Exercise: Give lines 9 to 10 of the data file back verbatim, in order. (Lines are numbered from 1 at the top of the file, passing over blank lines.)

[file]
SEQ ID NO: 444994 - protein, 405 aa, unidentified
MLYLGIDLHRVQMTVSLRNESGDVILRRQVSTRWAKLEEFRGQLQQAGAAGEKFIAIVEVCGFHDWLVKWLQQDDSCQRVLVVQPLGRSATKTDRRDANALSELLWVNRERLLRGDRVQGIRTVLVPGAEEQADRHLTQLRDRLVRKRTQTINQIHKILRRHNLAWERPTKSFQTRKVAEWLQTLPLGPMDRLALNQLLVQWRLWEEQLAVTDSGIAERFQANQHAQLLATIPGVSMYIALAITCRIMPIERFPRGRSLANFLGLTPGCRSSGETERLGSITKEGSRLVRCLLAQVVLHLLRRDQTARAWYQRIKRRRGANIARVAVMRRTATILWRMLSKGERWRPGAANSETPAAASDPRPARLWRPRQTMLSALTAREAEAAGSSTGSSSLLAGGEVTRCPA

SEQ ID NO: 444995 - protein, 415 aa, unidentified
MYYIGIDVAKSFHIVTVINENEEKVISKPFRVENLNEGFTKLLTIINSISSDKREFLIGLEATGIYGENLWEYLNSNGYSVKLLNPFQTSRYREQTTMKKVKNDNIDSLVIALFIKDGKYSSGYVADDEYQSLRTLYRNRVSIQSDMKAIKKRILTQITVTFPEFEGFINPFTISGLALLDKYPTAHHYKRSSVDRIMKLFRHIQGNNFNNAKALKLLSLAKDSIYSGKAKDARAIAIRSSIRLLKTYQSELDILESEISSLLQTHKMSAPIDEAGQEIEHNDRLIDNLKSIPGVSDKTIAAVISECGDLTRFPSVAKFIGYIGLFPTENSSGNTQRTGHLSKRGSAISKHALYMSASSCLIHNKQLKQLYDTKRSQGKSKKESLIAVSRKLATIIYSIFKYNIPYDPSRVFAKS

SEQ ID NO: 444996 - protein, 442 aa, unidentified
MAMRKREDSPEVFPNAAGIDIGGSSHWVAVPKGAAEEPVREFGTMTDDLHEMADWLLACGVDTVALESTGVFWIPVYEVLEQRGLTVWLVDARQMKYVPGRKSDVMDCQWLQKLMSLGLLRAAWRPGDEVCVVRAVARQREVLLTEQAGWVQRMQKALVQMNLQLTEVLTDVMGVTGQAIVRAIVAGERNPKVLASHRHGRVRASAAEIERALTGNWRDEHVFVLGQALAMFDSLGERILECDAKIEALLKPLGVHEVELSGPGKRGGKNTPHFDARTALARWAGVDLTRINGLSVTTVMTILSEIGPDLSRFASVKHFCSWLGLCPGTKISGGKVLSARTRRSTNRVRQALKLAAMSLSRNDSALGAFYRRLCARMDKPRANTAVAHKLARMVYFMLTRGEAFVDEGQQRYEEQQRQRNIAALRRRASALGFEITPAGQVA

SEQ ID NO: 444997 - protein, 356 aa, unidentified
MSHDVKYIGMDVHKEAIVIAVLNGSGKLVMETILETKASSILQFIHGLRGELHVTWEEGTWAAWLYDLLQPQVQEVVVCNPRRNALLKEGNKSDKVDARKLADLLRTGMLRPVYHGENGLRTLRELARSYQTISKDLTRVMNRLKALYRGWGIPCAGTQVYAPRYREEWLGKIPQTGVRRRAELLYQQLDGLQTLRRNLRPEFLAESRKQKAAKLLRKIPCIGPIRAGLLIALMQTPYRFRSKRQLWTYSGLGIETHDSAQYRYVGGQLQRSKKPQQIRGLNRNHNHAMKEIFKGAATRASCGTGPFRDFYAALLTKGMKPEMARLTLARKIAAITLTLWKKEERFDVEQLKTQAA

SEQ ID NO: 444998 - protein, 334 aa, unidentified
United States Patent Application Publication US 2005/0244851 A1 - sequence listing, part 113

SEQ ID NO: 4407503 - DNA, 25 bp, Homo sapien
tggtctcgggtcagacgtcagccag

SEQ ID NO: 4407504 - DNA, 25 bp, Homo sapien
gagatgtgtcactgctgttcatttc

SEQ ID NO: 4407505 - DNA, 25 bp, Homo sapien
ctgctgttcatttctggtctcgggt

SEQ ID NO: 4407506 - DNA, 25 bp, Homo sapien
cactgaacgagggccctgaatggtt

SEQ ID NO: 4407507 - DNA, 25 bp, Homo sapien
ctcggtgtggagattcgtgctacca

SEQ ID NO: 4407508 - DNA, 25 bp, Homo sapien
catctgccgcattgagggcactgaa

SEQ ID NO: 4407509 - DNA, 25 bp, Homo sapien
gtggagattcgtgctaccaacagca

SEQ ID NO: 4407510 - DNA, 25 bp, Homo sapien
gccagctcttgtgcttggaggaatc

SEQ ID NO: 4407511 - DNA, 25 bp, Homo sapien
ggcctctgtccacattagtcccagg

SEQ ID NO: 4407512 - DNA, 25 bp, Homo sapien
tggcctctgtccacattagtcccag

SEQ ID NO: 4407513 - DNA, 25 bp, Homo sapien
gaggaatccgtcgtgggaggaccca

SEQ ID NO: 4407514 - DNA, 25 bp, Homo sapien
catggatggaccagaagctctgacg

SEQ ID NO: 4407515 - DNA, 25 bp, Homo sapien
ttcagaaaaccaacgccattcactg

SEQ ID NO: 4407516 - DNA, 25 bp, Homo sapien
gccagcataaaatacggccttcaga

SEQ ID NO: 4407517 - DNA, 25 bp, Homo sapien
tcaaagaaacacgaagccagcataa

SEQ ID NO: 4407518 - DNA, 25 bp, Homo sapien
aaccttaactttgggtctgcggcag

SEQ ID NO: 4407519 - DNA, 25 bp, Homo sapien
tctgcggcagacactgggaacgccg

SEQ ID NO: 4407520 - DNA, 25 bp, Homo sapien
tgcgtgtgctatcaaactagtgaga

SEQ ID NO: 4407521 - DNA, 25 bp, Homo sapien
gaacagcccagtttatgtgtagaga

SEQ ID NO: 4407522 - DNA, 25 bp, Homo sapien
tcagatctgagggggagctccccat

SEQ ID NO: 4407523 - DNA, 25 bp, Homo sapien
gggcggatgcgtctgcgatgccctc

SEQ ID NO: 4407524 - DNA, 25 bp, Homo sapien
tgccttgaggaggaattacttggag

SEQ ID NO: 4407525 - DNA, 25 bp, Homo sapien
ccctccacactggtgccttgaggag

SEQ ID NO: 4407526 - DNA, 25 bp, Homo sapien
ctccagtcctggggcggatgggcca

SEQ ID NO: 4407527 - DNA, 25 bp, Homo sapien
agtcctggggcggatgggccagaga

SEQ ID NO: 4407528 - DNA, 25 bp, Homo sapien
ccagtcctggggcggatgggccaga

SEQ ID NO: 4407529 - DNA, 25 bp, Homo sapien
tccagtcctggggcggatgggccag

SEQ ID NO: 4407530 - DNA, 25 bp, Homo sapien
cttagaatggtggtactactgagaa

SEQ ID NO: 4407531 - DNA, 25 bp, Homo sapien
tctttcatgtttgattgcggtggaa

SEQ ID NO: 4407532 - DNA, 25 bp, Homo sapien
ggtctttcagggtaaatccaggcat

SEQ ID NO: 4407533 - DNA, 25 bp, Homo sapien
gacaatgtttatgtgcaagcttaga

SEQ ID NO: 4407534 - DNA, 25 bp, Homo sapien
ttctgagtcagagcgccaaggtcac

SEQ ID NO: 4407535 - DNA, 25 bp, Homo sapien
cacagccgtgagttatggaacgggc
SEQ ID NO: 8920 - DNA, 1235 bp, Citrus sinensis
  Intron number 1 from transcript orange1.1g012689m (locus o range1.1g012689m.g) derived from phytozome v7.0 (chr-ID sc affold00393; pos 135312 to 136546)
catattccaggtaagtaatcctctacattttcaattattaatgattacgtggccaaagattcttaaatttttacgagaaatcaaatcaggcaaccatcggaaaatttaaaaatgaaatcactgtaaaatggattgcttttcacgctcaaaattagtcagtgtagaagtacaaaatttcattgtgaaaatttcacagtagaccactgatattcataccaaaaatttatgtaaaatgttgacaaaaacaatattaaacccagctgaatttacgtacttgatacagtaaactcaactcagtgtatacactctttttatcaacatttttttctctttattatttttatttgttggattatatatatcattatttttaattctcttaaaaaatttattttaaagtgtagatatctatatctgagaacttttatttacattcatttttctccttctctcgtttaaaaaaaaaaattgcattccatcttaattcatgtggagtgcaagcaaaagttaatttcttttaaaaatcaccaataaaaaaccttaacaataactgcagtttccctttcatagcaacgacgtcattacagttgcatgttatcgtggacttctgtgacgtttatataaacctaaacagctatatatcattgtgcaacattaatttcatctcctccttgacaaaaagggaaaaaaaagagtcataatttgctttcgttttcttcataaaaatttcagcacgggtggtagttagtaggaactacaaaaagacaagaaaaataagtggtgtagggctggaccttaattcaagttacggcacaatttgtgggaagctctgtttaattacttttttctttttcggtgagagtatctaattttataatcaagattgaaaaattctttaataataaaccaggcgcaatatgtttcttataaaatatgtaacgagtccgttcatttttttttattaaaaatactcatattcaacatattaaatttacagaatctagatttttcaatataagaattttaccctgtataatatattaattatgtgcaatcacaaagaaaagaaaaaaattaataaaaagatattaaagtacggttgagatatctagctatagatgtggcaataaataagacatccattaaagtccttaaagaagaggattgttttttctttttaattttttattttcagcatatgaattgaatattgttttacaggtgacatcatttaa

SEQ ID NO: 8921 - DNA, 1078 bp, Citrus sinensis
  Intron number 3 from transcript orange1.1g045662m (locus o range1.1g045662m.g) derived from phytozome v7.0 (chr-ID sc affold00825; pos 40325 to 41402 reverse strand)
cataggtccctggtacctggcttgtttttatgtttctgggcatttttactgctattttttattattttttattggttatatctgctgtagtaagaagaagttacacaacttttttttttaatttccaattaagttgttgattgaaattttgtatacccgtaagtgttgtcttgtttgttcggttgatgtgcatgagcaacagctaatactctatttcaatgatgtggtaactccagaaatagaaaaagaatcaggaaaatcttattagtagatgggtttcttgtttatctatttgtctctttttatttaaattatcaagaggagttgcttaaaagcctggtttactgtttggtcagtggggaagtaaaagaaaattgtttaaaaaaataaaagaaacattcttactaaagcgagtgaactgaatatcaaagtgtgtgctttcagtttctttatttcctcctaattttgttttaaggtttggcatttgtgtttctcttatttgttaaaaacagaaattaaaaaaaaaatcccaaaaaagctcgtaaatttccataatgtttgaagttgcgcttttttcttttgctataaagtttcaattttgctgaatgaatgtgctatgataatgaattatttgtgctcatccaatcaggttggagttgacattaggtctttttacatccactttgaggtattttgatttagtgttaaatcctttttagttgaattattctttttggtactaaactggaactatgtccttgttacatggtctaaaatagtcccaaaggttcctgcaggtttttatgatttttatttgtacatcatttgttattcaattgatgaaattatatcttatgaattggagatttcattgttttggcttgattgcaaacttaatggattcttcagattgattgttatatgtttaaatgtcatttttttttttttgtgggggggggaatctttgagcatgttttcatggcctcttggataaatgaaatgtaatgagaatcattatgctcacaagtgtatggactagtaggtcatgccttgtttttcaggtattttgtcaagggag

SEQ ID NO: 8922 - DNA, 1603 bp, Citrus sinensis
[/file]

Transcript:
SEQ ID NO: 444998 - protein, 334 aa, unidentified
United States Patent Application Publication US 2005/0244851 A1 - sequence listing, part 113